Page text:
Caroline Weber

March 27, 2015

 

 

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In spite of their close friendship, Mr. Herndon could not understand it, when Lincoln one day darted up the office stairs, and said: “Herndon, should you like to be my partner?”
“Don’t laugh at me, Mr. Lincoln,” was the poor fellow’s sole response.
Persistent repetition of the question could hardly gain a hearing; but at last Mr. Herndon said: ‘Mr. Lincoln you know I am too young, and I have no standing and no money; but if you are in earnest, there is nothing in this world that would make me so happy.
Nothing more was said till the papers were brought to Herndon to sign. 

-An Excerpt from “Herndon’s Life of Lincoln”

 

The Lincoln-Herndon Law Office was built in 1840 and is located in downtown Springfield, Illinois.The office is in close proximity to the Lincoln Depot as well as the Lincoln Library. Lincoln pursued a law career spanning almost twenty-years, however the Lincoln-Herndon Law office is the only remaining building in which Lincoln used during his law career. From 1843 to 1852, Lincoln used the office, except during his term as a United States Congressman. During this time period, his associate William Herndon maintained the office and continued to practice law there.

Stephen T. Logan, Lincoln’s second associate in the firm was a cousin of Mary Lincoln, Abraham’s wife. The law office was located on the third floor of the building. Seth M. Tinsley, who constructed the building, was also responsible for renting out the floors as well. While Lincoln’s office was located on the third floor, there was a post office located on the first floor as well as a district courtroom and clerk’s office on the second floor. In this building, Lincoln met with Nathaniel Pope, the District Court Judge regarding seventy-two bankruptcy proceedings as well as forty regular cases.

Gibson Harris, a young man hired as a clerk, recalled his memories of the firm, “The furniture, somewhat dilapidated, consisted of one small desk and a table, a sofa or lounge with a raised head at one end, and a half-dozen plain wooden chairs. The floor was never scrubbed….Over the desk a few shelves had been enclosed; this was the office bookcase holding a set of Blackstone, Kent’s Commentaries, Chitty’s Pleadings, and a few other books. A fine law library was in the Capitol building across the street to which the attorneys of the place had access.” Today, tourists who visit the office will see it just as it looked when Lincoln and Herndon practiced there. Many of the items Gibson Harris refers to can still be seen inside the building today.

According to The State Journal Register, in 2014 there was a project considered to replace the Lincoln-Herndon Law Offices with a dry goods store, in which visitors could learn more about commerce at the time in which he practiced law there.  Justin Blandford, superintendent of state historic sites in Springfield explained, “I think what we’d like to find a compelling approach to is to talk about the role of credit and commerce in Lincoln’s world through a reconstructed dry goods store…At that point in history, money was not in wide supply. Credit is extremely important.” According to Blandford, the idea for the project has been around since 2008. Illinois officials had been brainstorming ways to connect the bicentennial of Lincoln’s birth with new projects in the Springfield area.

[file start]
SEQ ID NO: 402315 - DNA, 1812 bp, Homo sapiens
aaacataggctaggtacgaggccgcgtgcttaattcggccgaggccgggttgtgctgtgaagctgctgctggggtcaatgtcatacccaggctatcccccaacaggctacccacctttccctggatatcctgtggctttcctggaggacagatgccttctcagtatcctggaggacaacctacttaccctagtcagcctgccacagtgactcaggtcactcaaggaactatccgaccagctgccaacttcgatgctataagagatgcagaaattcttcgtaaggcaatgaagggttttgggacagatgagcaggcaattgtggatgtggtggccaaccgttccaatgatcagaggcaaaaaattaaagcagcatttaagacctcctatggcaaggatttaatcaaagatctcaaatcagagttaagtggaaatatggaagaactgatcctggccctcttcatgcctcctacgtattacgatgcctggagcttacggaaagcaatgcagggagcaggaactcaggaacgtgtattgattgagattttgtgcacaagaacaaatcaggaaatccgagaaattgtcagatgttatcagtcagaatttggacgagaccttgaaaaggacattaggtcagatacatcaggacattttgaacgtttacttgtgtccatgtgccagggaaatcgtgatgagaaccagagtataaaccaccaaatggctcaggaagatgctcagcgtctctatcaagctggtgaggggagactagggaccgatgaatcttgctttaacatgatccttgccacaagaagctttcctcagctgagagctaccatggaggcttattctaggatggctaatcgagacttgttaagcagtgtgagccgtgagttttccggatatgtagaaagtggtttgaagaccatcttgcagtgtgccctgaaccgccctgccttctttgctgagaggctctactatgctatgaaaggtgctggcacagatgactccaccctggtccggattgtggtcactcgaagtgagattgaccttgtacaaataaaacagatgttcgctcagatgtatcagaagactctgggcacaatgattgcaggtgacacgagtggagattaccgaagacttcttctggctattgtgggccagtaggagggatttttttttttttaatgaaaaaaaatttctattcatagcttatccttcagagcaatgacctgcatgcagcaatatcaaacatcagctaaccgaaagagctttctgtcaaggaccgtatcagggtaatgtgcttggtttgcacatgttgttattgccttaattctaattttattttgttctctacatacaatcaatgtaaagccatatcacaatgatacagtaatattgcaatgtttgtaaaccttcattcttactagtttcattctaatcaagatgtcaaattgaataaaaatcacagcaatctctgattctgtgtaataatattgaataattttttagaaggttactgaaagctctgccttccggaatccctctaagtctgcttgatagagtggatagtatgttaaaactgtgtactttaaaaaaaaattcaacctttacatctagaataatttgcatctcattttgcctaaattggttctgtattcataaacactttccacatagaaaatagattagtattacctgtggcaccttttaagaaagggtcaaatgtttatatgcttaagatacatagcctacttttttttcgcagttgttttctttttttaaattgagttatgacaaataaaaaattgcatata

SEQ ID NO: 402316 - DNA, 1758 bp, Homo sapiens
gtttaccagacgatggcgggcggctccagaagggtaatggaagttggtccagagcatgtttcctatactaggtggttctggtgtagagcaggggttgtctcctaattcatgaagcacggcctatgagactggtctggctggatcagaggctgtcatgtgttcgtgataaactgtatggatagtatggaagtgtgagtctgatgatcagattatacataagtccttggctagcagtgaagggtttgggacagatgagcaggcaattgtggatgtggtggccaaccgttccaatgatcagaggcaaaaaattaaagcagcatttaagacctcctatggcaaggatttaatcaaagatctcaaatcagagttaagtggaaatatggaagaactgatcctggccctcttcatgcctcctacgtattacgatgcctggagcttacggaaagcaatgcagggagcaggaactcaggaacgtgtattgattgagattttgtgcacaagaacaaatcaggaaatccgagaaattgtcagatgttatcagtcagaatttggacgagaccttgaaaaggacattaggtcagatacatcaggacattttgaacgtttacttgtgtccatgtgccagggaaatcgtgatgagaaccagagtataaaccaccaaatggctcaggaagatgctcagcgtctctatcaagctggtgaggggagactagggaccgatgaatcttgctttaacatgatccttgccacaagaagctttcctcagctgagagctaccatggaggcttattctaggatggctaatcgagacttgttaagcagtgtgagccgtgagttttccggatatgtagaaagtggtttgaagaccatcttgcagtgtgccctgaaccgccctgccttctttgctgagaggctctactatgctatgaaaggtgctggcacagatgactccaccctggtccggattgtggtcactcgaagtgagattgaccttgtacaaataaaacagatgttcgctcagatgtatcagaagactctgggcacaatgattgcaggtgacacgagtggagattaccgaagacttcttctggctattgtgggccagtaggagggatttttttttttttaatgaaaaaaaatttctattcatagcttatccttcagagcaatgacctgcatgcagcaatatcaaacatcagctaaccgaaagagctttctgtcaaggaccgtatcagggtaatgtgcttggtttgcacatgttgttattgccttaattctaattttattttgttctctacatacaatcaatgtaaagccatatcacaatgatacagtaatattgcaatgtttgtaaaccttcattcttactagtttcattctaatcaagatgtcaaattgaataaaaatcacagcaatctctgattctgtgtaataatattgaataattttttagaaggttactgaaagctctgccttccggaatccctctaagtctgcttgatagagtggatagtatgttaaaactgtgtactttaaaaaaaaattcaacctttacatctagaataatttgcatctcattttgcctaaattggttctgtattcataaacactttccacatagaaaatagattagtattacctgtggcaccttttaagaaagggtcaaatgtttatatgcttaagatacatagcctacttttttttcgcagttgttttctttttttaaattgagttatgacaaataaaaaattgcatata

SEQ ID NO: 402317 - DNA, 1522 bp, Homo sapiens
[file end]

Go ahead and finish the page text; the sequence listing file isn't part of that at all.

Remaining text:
This project, estimated to cost around 1.16 million dollars, would include reproductions of merchandise from the time period as well as historic interpreters who could answer any questions visitors may have. According to The State Journal Register, “The project includes renovation of windows, signs on the building, upgrades to mechanical systems and renovations to make the facility compliant with the Americans with Disabilities Act.” Chris Wills, a spokesman for the state Historic Preservation Agency explained, “The idea was this is an important spot in downtown Springfield with a lot of foot traffic there…We want to make it more inviting and attractive so families will wander in.” If the project moves forward, it would take approximately fifteen months to complete. Renovating the Lincoln-Herndon office would be a smart move for the town of Springfield due to the fact, the city already attracts many visitors every year. During this time period, the Lincoln-Herndon Law Offices would be closed to visitors.

This museum helps link the past with the present. Because the law office is preserved to show what it would have looked like when Lincoln worked there, it transports visitors back to this time period. It serves as an example of official memory due to the fact it is displayed to the public to commemorate a specific thing. The Lincoln-Herndon Law Offices helps us to remember the good Lincoln did for the Springfield community as well as the state of Illinois. His law career spanned many years, and was definitely a large part of most of his professional life.

References:

Herndon, William. “Herndon’s Life of Lincoln”. Wildside Press: Rockville, Maryland. 30 October 2008.

“Lincoln-Herndon Law Offices”. Illinois Historic Preservation Agency. Web. 9 April 2015.

“Lincoln-Herndon Law Offices”. Abraham Lincoln Online. Web. 9 April 2015.

“Lincoln-Herndon Law Office”. Visit Springfield Illinois. Web. 9 April 2015.

“Changes could be coming to Lincoln-Herndon Law offices”. The State Journal-Register. Web. 9 April 2015.